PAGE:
The reality of India's 3 weeks long lockdown
Just yesterday, the Prime Minister of India, Narender Modi, announced a 3 weeks long, country-wide complete lockdown. This piece of writing will talk about this lockdown from the perspective of someone living in New Delhi, the country's capital.
Let's first talk about the decision itself, it is extremely bold to completely lockdown the country for three whole weeks. Why? Because the population of India is about 1.3 billion, second most populous nation. There is more, the majority of the country thrives on daily wages, as opposed to monthly wages. They have no security for the future so for them, this lockdown means they have to somehow survive without earning a single rupee. Which is of course impossible. Unless... Yes, the government aids them.
Unfortunately, the central government is yet to announce any sort of relief for them. However, some state governments have already announced support for these daily wagers. The Delhi government will be sending ₹5000 (about $65) to all daily wagers in the city. Not only that, free food will be given to everyone in need of it. Similarly, the Uttar Pradesh government has also announced free grains and ₹1000 to all daily wagers.
A few other state governments have also announced similar compensations but as of this article, not all the state governments have taken these measures. It will be disastrous if these governments do not act quick.
The speech given by the PM yesterday missed not only on reliefs for daily wagers but it also missed the facts like essential stores will remain open and what exactly constitutes an essential commodity. This was actually covered soon after through Twitter but it was already too late. People were already out in the streets, running towards stores to hoard as much as they can. This has lead to the already low amount of goods the stores had being dried up.
I personally had issues today obtaining stuff like Maggi (instant ramen) and even bread. The supply chain was already disrupted but yesterday's panic, which could have been easily solved by addressing it in the speech itself, has made availability worse. Not only that, the people that went out to hoard yesterday collected in groups, thus increasing the risk of the infection spreading further.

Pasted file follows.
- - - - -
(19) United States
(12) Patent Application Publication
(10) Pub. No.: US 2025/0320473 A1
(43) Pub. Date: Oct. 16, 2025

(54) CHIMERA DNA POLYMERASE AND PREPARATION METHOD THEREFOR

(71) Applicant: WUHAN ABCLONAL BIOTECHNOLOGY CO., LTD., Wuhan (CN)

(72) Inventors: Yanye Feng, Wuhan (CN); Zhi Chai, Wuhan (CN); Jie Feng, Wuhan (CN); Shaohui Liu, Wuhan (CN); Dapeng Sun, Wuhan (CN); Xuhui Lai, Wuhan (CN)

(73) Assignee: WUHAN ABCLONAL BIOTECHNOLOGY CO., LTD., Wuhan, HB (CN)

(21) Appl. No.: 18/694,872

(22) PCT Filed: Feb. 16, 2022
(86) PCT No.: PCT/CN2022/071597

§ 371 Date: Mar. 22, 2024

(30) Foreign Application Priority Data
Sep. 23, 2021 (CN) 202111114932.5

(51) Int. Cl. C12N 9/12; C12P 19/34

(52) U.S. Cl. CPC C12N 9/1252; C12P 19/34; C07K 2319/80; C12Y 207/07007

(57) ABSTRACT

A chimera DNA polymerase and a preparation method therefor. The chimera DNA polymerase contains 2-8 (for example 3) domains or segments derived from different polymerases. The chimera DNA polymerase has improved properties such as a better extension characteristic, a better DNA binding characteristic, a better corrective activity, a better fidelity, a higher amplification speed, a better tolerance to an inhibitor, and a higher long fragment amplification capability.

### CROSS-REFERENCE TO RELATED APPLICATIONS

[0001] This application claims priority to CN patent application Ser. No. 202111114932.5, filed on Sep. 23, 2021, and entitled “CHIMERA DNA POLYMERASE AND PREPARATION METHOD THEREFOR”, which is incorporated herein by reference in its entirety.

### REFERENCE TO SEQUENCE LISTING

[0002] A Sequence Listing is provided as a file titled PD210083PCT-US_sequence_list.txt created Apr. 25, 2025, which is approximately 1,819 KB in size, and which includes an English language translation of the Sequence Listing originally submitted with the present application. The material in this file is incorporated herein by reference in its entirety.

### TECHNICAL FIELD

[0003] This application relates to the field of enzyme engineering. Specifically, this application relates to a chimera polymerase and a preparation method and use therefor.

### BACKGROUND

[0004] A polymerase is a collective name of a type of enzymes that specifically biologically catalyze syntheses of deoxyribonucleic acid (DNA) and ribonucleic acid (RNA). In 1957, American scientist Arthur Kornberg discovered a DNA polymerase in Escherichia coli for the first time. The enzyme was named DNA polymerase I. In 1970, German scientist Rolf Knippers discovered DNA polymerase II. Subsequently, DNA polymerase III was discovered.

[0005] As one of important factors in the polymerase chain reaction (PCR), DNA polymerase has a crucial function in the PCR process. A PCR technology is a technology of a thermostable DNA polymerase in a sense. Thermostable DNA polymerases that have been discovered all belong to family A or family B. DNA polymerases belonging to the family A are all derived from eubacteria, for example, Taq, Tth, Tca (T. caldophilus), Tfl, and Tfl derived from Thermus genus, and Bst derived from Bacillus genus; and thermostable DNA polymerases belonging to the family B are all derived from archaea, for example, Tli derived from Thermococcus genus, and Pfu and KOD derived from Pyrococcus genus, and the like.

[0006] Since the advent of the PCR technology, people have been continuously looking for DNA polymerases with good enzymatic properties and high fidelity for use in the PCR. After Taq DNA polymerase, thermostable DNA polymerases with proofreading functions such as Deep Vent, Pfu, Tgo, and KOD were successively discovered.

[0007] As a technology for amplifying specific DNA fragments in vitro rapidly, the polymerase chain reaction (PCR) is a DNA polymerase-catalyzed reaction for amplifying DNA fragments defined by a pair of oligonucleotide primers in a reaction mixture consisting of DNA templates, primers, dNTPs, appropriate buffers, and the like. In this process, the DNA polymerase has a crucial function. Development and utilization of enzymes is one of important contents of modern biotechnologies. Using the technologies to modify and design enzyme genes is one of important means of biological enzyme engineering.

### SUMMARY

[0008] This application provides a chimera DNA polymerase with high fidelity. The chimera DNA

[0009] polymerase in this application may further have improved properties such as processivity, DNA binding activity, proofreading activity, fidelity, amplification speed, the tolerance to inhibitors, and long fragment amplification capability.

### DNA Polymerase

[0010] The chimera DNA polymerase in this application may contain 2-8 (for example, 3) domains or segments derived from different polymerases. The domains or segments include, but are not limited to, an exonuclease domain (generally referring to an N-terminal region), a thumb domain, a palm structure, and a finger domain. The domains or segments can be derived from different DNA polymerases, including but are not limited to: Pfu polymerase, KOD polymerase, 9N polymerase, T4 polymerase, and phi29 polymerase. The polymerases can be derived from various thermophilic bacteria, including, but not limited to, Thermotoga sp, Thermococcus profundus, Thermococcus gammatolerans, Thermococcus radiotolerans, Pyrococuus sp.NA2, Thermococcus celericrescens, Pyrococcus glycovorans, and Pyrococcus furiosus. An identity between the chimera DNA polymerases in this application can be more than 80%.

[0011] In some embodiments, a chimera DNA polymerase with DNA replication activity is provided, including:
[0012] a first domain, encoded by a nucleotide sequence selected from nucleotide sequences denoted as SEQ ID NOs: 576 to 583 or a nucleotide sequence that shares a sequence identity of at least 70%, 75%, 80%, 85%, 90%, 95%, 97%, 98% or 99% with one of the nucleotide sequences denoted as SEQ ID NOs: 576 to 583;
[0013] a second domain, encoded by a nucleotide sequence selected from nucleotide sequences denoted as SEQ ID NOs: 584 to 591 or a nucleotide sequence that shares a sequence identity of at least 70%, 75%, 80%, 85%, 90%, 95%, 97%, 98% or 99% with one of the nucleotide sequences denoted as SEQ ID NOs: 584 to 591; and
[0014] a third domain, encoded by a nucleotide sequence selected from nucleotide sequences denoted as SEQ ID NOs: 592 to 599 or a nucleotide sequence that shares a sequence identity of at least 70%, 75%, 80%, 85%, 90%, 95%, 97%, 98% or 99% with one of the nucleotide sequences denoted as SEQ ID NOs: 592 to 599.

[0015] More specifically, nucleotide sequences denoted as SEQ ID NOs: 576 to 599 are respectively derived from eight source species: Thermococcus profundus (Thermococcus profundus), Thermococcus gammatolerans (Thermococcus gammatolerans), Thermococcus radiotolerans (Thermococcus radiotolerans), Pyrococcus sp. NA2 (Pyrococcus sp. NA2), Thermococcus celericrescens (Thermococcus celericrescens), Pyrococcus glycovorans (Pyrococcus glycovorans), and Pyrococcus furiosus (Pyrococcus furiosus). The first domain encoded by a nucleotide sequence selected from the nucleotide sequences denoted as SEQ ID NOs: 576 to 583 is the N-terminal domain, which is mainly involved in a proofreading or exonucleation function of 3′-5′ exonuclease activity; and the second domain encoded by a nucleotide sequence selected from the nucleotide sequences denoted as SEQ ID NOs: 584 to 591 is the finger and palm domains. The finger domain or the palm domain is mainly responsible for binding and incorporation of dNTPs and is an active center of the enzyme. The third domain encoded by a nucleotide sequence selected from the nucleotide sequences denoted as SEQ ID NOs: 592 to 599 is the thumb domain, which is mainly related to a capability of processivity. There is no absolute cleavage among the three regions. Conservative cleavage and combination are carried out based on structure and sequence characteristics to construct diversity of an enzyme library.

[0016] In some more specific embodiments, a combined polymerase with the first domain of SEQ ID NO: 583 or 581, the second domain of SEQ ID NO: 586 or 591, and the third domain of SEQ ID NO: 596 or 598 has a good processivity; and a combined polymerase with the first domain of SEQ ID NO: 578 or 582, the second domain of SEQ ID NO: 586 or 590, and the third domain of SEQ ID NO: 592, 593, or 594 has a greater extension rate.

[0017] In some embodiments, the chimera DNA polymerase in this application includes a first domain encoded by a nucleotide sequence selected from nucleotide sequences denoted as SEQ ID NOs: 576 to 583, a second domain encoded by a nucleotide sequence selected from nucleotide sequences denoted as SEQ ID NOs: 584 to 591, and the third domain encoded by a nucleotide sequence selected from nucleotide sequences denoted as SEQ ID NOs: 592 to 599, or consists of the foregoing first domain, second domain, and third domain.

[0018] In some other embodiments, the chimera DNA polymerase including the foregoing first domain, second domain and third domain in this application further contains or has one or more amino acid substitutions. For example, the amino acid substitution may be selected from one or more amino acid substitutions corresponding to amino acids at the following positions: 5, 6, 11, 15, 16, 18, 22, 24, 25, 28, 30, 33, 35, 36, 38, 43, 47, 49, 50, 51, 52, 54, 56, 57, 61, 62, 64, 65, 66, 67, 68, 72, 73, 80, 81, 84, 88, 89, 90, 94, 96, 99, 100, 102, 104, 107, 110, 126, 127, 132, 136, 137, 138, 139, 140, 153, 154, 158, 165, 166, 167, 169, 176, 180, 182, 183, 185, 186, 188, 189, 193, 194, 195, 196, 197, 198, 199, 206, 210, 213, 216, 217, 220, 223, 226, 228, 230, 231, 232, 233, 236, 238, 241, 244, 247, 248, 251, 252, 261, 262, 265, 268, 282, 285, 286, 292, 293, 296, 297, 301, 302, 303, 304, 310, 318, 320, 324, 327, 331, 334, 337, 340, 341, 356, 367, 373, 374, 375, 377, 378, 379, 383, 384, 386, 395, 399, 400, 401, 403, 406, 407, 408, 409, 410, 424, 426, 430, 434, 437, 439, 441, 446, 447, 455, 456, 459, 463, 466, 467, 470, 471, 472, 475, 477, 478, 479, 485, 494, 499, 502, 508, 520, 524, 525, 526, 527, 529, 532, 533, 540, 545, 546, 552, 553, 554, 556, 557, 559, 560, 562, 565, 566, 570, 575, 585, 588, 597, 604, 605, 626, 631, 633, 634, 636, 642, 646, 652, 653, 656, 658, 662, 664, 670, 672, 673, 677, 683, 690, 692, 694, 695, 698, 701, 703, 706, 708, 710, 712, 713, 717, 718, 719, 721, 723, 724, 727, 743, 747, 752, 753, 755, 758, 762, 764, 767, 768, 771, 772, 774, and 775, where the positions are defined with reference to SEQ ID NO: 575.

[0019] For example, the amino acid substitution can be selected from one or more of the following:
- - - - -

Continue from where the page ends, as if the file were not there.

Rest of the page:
On to the enforcement of this lockdown, police has been deployed to deal with anyone out about in the streets. One person from a house is allowed to move within 1-2 km of their location given that they are looking for essential goods. Ideally, police should not care in these cases... However, I have already gotten the wind of cases where the police isn't letting anyone out of their homes, regardless of reason. This could very well be just rumors since I haven't been able to confirm it myself yet.
Regarding those who have no reason to be out about in the streets, I have heard about and seen videos of a variety of punishments the police has come up with, including the act of beating the person with sticks... Not the best they could have done, I agree.
All in all, as you may have already deduced, the execution of this operation is hardly satisfactory. This is one thing the government should have handled with extreme delicacy but we are off to a really bad start. The results could turn out to be catastrophic, if the government keeps making more mistakes. I will be sure to keep you guys updated on the situation, as well as share a more personal account about life during the lockdown soon enough.
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